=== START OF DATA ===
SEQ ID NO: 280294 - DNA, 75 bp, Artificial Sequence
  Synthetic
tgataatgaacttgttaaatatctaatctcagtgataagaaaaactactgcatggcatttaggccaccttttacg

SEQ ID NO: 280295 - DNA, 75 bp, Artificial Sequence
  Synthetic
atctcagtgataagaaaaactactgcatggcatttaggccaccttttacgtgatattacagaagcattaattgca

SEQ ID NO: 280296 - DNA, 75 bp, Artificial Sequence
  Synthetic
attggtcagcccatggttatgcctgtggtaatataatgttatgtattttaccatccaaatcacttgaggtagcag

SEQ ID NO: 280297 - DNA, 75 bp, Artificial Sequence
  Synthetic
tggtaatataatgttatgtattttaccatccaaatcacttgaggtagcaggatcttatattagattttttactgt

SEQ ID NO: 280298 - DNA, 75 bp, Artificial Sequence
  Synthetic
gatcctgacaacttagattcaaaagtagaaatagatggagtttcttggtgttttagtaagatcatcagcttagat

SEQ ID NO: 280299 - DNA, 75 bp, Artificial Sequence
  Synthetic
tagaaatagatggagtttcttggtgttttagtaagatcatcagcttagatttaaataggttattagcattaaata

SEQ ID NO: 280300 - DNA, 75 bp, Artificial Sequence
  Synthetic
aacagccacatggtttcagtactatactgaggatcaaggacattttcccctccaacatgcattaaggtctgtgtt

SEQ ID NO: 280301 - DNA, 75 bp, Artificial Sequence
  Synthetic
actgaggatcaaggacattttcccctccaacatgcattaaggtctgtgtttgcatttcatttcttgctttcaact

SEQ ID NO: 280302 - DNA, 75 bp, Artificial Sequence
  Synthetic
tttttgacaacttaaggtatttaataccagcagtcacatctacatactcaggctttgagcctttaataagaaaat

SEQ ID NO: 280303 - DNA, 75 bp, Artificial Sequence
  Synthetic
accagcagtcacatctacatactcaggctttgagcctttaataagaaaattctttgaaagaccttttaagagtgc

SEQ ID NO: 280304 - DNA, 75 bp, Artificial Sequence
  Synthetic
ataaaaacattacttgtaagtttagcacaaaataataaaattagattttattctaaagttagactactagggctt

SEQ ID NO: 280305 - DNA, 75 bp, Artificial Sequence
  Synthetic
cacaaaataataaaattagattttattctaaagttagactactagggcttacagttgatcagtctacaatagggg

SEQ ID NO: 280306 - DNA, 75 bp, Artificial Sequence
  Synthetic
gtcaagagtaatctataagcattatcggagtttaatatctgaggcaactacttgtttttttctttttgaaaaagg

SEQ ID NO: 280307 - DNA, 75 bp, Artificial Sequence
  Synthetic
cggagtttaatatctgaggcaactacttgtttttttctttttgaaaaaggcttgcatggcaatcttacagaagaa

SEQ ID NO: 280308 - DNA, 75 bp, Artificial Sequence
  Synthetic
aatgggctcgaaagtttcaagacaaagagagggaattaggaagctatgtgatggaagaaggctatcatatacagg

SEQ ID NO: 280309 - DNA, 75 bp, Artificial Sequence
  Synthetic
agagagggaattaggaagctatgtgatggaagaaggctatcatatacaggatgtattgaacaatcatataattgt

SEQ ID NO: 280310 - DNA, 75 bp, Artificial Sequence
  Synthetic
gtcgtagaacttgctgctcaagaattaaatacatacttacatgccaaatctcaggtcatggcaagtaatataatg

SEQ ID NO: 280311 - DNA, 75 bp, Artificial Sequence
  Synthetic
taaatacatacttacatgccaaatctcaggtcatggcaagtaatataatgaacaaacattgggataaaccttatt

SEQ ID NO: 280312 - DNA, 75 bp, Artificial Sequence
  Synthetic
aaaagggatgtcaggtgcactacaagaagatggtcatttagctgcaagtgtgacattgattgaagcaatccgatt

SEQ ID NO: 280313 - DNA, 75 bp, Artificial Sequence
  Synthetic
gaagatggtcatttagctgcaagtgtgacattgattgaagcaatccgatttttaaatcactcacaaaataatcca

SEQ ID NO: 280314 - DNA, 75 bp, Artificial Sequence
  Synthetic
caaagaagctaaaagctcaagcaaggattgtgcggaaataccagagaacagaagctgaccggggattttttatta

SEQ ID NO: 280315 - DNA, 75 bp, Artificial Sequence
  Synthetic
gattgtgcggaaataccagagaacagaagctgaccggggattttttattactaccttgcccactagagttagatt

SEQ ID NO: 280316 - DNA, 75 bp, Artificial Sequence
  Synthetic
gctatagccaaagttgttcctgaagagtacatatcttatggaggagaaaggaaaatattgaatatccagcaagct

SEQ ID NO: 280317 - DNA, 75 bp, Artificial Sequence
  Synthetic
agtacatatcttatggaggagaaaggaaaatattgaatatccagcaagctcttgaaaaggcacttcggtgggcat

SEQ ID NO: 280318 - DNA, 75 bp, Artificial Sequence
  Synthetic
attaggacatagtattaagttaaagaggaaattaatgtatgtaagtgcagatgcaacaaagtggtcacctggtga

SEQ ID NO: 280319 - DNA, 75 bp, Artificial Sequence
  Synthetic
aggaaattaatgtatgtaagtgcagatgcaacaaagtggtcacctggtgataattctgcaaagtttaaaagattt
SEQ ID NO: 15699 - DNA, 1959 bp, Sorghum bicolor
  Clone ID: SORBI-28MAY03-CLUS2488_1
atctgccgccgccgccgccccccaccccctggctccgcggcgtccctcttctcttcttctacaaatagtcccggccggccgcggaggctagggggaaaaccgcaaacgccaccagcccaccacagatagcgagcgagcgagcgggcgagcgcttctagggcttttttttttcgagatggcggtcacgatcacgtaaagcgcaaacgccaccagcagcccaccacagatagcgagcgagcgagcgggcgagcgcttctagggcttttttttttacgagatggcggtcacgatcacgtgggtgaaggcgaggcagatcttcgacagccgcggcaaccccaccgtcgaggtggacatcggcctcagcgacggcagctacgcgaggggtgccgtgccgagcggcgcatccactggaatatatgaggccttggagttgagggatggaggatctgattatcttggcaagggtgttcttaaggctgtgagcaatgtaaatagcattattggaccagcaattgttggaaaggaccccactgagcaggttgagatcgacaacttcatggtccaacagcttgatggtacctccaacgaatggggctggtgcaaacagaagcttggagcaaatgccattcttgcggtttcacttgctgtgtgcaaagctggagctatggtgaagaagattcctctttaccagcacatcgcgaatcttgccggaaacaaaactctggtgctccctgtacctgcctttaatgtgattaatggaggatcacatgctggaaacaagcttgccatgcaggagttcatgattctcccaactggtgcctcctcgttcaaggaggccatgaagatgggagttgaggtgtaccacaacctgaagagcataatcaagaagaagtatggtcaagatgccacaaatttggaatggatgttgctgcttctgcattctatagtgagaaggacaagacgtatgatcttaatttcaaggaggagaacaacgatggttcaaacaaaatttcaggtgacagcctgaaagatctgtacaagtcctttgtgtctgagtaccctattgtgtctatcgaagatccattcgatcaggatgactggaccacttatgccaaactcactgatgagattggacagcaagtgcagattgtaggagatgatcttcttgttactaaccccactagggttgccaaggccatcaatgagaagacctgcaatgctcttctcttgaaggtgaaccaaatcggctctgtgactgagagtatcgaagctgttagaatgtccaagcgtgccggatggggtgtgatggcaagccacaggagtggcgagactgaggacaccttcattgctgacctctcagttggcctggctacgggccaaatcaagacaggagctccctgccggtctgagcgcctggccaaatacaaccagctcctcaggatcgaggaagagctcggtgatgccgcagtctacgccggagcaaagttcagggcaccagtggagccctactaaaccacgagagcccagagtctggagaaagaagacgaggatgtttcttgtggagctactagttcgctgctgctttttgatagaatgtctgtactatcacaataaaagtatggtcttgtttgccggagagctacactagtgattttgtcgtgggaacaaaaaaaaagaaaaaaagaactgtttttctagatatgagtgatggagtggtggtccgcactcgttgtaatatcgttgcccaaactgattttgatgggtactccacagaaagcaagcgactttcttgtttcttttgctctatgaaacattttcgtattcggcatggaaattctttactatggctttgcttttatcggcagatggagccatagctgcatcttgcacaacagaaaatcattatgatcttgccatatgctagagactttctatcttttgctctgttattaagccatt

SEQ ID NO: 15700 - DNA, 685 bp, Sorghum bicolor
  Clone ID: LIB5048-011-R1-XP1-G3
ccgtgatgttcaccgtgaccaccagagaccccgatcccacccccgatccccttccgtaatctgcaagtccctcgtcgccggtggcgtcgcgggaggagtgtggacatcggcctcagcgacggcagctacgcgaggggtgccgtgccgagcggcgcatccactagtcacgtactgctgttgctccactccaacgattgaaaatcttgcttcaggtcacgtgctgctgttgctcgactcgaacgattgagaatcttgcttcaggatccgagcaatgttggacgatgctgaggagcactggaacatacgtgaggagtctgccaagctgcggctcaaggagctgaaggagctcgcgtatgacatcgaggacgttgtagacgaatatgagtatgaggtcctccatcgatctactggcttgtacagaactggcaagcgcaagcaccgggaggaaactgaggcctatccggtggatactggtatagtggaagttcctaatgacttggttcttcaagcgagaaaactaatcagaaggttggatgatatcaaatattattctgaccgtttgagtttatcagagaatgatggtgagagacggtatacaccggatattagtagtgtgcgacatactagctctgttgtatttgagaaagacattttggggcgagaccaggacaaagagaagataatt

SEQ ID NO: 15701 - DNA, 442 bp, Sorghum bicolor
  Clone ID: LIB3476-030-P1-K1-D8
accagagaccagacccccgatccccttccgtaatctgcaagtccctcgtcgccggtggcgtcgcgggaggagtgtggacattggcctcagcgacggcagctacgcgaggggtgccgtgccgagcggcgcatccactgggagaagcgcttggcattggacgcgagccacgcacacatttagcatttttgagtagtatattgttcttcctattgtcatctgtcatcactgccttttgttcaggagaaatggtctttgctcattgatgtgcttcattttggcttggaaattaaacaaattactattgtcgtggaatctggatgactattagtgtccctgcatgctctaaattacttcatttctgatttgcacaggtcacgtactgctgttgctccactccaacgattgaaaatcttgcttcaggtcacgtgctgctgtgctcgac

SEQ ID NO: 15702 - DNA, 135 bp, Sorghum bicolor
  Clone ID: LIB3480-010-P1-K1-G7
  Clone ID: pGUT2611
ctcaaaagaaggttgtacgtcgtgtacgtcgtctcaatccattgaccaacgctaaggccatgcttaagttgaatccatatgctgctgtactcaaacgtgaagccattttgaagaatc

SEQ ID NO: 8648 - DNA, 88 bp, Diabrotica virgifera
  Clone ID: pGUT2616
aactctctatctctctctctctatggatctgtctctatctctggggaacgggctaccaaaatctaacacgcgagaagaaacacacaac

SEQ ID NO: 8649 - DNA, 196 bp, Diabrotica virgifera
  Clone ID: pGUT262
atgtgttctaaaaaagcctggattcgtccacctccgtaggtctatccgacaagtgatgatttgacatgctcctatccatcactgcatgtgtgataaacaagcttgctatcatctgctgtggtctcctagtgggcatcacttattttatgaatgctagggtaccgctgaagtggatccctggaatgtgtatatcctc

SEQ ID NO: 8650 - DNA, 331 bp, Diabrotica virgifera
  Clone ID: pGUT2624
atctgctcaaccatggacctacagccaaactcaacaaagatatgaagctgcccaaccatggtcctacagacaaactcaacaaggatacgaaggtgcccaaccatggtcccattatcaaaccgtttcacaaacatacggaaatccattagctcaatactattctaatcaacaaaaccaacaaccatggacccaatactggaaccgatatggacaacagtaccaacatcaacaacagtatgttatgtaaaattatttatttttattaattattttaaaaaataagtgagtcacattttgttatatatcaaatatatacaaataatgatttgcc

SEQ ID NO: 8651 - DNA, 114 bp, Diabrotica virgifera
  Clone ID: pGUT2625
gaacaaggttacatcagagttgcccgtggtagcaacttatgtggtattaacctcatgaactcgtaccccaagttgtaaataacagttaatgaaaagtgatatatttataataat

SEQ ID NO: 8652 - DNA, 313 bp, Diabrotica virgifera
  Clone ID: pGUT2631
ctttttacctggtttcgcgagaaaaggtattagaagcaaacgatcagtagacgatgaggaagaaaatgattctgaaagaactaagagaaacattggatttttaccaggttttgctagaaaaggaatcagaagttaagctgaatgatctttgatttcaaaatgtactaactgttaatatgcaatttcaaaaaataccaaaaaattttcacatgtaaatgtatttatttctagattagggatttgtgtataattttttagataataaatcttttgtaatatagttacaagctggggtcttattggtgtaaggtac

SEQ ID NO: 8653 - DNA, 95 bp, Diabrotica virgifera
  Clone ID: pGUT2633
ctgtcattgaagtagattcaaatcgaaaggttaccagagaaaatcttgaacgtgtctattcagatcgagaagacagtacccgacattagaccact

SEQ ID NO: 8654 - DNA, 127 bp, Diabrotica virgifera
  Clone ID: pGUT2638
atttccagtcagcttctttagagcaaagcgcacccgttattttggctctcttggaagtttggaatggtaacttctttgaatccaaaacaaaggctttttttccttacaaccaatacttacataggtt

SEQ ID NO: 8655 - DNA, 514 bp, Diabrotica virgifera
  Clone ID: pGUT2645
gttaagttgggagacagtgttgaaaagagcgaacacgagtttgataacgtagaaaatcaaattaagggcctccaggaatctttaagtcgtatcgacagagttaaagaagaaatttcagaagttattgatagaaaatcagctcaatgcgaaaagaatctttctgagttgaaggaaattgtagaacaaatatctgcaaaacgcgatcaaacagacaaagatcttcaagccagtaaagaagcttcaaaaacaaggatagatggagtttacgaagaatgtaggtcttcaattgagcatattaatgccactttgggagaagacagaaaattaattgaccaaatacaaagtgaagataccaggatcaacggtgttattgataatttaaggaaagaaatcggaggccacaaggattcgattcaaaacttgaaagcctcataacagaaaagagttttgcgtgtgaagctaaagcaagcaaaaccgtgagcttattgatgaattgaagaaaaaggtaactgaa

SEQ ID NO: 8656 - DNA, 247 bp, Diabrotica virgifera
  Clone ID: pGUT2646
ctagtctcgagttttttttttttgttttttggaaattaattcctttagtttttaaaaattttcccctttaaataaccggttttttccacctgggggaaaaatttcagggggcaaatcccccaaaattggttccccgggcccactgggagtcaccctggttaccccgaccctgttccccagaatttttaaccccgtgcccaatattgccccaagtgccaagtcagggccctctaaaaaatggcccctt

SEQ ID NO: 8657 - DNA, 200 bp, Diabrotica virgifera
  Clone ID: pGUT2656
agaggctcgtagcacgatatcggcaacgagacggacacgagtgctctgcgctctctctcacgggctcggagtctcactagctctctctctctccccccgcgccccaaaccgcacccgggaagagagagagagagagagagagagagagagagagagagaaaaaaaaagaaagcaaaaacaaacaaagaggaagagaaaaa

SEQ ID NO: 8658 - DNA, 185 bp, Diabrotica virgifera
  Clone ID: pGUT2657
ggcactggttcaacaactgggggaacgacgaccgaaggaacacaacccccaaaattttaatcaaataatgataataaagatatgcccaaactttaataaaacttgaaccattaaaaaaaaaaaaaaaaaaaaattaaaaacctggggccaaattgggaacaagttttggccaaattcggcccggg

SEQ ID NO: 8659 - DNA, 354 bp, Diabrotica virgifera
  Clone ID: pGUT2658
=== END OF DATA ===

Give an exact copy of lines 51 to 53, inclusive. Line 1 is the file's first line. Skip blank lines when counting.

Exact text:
gtcgtagaacttgctgctcaagaattaaatacatacttacatgccaaatctcaggtcatggcaagtaatataatg

SEQ ID NO: 280311 - DNA, 75 bp, Artificial Sequence
  Synthetic